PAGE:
Click here to see the video footage from this event.

Celebrating Black-Scholes-Merton

Two Nobel Prize winners look back, and forward, as they reflect on their famous model

Professor Robert Merton, in the classroom, 1980

“There are very few academic papers that you have a 40th anniversary for,” said MIT Sloan finance professor Stewart Myers. And yet, in honor of the anniversary of the Black-Scholes-Merton options pricing model, MIT Sloan did just that, with a two-day symposium celebrating the famous model and its widespread adoption and influence.

Capping off a day of talks featuring finance professors including Deborah Lucas and Stephen Ross as well as alumna Judy Lewent, SM ’72, was a fireside chat between Robert Merton and Myron Scholes, moderated by Myers. The group spoke to MIT Sloan students, alumni, and fellow faculty in a packed house that included the daughter of the late economist Fischer Black, as well as at least one former master’s student of Merton’s.

Merton and Scholes won the Nobel Memorial Prize in Economic Sciences for their work on the model, which provides a way to value options and dynamically hedge risk. The model, which can be applied to financial products ranging from interest rate swaps to mortgages as well as to a wide array of corporate investment decisions or “real options,” is notable not only for its ability to solve a challenging problem, but also for its rapid uptake by practitioners and its many uses.

“It isn’t just that they had a formula for a particular thing, it’s that the methodology can be applied so broadly. The range of things it can be applied to is amazing,” said Myers recently.

“The Black-Scholes-Merton option pricing model is probably one of the most successful theories in all of the social sciences,” said finance professor Andrew Lo in an interview before the anniversary event. “It is an idea that has come out of academic research that has been adopted in practice. The approach they created, not just the formula but the theoretical framework they created, launched a thousand additional research papers as well as a lot of industry practices that rely on that framework.”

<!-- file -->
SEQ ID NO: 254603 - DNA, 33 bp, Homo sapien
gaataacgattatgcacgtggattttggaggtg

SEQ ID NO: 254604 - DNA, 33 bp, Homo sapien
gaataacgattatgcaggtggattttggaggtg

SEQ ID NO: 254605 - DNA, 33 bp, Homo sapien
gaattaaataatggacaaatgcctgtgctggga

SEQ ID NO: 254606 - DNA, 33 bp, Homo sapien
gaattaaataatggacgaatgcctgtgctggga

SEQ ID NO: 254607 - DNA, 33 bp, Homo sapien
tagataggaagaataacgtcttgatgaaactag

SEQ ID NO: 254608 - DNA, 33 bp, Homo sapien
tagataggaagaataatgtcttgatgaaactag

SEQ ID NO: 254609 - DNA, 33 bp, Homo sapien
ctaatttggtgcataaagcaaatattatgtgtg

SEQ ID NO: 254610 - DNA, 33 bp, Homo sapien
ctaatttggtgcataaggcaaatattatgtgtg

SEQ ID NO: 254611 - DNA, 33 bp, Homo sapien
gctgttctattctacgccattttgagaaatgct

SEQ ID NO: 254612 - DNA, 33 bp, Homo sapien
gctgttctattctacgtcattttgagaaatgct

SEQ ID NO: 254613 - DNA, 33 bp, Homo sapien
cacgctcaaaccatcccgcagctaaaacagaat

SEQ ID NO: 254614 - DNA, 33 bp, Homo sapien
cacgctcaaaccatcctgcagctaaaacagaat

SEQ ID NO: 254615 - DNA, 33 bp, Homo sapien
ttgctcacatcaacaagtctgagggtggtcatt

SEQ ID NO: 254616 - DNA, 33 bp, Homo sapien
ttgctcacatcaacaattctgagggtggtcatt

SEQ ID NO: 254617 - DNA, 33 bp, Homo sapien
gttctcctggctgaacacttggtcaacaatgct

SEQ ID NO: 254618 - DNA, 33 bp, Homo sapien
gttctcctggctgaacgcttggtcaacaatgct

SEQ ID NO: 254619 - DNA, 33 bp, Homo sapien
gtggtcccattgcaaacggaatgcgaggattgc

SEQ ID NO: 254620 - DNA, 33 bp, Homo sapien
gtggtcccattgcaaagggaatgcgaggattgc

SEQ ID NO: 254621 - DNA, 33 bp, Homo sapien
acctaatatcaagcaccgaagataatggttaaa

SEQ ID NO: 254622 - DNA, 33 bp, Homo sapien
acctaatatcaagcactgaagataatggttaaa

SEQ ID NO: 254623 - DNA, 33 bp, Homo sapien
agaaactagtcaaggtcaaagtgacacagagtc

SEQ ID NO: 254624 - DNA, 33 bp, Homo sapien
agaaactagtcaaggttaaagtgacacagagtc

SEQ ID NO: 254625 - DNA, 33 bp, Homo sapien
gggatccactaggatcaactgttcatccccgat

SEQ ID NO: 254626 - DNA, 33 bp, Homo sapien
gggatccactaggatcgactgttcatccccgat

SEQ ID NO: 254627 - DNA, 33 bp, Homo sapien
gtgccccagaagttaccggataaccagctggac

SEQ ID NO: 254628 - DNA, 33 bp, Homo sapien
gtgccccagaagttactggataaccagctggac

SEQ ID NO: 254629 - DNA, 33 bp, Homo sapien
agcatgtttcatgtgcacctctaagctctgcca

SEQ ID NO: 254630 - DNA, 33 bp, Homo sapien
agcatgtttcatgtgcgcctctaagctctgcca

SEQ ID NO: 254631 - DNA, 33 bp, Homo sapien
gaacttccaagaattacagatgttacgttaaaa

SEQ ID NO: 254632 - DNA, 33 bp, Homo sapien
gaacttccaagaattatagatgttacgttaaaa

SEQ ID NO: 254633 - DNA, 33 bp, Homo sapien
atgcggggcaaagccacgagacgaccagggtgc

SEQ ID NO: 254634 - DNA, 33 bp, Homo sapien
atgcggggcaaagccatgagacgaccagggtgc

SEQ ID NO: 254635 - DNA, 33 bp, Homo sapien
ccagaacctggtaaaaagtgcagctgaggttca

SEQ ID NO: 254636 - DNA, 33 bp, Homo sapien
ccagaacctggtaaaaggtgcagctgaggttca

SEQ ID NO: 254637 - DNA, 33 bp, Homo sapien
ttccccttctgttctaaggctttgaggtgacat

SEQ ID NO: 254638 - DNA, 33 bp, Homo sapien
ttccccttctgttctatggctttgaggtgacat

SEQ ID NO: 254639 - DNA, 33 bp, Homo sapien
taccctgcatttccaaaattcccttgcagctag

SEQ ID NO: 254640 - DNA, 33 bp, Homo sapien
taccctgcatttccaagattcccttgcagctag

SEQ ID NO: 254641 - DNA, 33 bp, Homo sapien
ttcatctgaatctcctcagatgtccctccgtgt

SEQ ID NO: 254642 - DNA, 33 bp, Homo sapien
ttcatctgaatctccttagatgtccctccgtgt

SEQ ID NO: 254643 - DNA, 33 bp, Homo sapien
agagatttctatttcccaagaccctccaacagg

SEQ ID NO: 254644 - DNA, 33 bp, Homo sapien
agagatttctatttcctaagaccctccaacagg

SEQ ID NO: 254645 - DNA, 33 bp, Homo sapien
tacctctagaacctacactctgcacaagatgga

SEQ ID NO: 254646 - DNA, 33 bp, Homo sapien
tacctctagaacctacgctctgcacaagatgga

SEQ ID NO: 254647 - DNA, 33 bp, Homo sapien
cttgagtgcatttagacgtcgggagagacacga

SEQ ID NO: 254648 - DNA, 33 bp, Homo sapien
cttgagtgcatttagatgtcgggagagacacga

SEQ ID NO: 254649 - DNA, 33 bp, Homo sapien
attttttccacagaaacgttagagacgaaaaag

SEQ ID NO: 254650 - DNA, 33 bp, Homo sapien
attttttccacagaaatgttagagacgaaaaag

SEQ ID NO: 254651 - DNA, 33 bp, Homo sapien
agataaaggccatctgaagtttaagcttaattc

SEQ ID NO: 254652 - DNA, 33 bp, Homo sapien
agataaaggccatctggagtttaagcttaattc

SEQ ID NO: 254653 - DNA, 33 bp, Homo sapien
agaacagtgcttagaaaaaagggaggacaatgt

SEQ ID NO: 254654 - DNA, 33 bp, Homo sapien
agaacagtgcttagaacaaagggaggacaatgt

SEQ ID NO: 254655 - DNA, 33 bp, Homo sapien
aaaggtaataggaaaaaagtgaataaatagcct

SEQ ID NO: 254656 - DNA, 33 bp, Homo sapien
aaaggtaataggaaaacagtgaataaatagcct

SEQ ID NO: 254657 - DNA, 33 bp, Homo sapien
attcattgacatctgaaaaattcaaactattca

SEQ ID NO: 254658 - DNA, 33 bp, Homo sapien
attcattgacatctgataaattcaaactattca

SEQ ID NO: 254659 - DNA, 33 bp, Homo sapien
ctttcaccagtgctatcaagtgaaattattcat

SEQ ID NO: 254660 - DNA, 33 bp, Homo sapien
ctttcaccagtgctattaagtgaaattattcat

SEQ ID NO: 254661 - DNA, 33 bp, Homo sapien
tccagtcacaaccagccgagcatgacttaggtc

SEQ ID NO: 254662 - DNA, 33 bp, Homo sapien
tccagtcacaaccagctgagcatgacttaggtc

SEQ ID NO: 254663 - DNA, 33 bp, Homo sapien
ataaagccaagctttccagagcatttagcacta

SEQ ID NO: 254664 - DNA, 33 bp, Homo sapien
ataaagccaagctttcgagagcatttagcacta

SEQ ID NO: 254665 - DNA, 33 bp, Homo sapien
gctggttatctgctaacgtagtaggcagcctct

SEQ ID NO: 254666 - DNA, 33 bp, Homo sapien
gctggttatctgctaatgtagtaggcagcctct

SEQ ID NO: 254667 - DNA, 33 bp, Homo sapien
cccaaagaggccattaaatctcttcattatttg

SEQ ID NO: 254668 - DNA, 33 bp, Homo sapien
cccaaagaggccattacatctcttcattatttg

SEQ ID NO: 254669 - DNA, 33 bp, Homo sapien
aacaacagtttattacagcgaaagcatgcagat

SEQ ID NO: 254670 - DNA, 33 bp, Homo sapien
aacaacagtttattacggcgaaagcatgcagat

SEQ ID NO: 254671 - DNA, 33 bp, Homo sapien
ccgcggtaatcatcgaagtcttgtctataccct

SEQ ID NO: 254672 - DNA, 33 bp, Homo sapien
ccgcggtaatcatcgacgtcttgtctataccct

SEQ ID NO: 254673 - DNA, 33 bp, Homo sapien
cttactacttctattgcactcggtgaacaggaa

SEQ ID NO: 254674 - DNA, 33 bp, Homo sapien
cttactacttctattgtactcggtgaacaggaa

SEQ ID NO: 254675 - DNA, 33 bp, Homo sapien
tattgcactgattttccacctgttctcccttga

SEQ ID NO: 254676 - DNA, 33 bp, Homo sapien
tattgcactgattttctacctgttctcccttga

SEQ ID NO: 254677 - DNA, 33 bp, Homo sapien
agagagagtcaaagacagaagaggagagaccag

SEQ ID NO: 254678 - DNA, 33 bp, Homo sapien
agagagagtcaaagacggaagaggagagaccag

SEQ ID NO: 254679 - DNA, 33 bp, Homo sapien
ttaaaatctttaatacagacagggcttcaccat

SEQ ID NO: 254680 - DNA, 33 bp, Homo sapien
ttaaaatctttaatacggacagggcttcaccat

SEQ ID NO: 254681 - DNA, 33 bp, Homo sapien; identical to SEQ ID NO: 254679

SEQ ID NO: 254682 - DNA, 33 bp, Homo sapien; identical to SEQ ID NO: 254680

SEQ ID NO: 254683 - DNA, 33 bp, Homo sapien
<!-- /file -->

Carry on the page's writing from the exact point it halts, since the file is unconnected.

Entire industries, including the exchange-traded options market, the over-the-counter derivatives market, and the market for credit derivatives, evolved based on Black-Scholes-Merton. “There are multiple trillions of dollars in each of those industries, and at the heart of each of them is the analysis pioneered by Black, Scholes, and Merton,” said Lo, who added that he “uses their ideas all the time” in his own work on quantitative models in financial economics.

Lessons learned

At the event, Merton and Scholes shared good-natured ribbing and humorous anecdotes about the model’s evolution, including a story Scholes told about giving an early public presentation of the work together with Black and waiting for Merton to reveal the grand finale—only to find that Merton, who did not appear, had overslept.

The pair agreed that they could not have imagined the model’s impact when they published their work in 1973. Indeed, the now famous paper was initially rejected by multiple academic journals whose editors deemed it “too arcane.” It was only when friends at the University of Chicago—Eugene Fama and Merton Miller—pressed their contacts at the Journal of Political Economy that the model finally made it into print.

When discussing the model’s use in practice and their own early trading experience applying it, Merton and Scholes advised the audience that even the most sophisticated model is no match for a trader with inside information. “The market knows things that the models don’t,” said Merton. “One ounce of non-public information is going to clean the clock of the smartest person with the model and no information. You have to ask yourself, ‘Is there somebody who knows more?’ Use the model, use history, but also use what the market is telling you.”

Looking ahead to the next 40 years, Scholes said corporate managers could use the model as they decide how to structure their companies in an increasingly technologically advanced world. The Black-Scholes-Merton approach could help determine whether or where to manufacture goods, for example, or which products to develop or innovations to pursue and which to abandon.

Merton added that the model could also be applied to risk management in emerging markets and that it could help central bankers better understand their risks as they strive to avoid another financial crisis. Developing financial markets like China’s could also rely on the model to build a stronger, safer financial system that appropriately transfers risk.

“I think it will be expanded and extended in many different ways,” said Lo. “One hundred years from now, people will still be reading about Black-Scholes-Merton.”

Videos from the events can be found at the MIT Sloan Finance TechTV site here: http://techtv.mit.edu/collections/mitsloanfinance/videos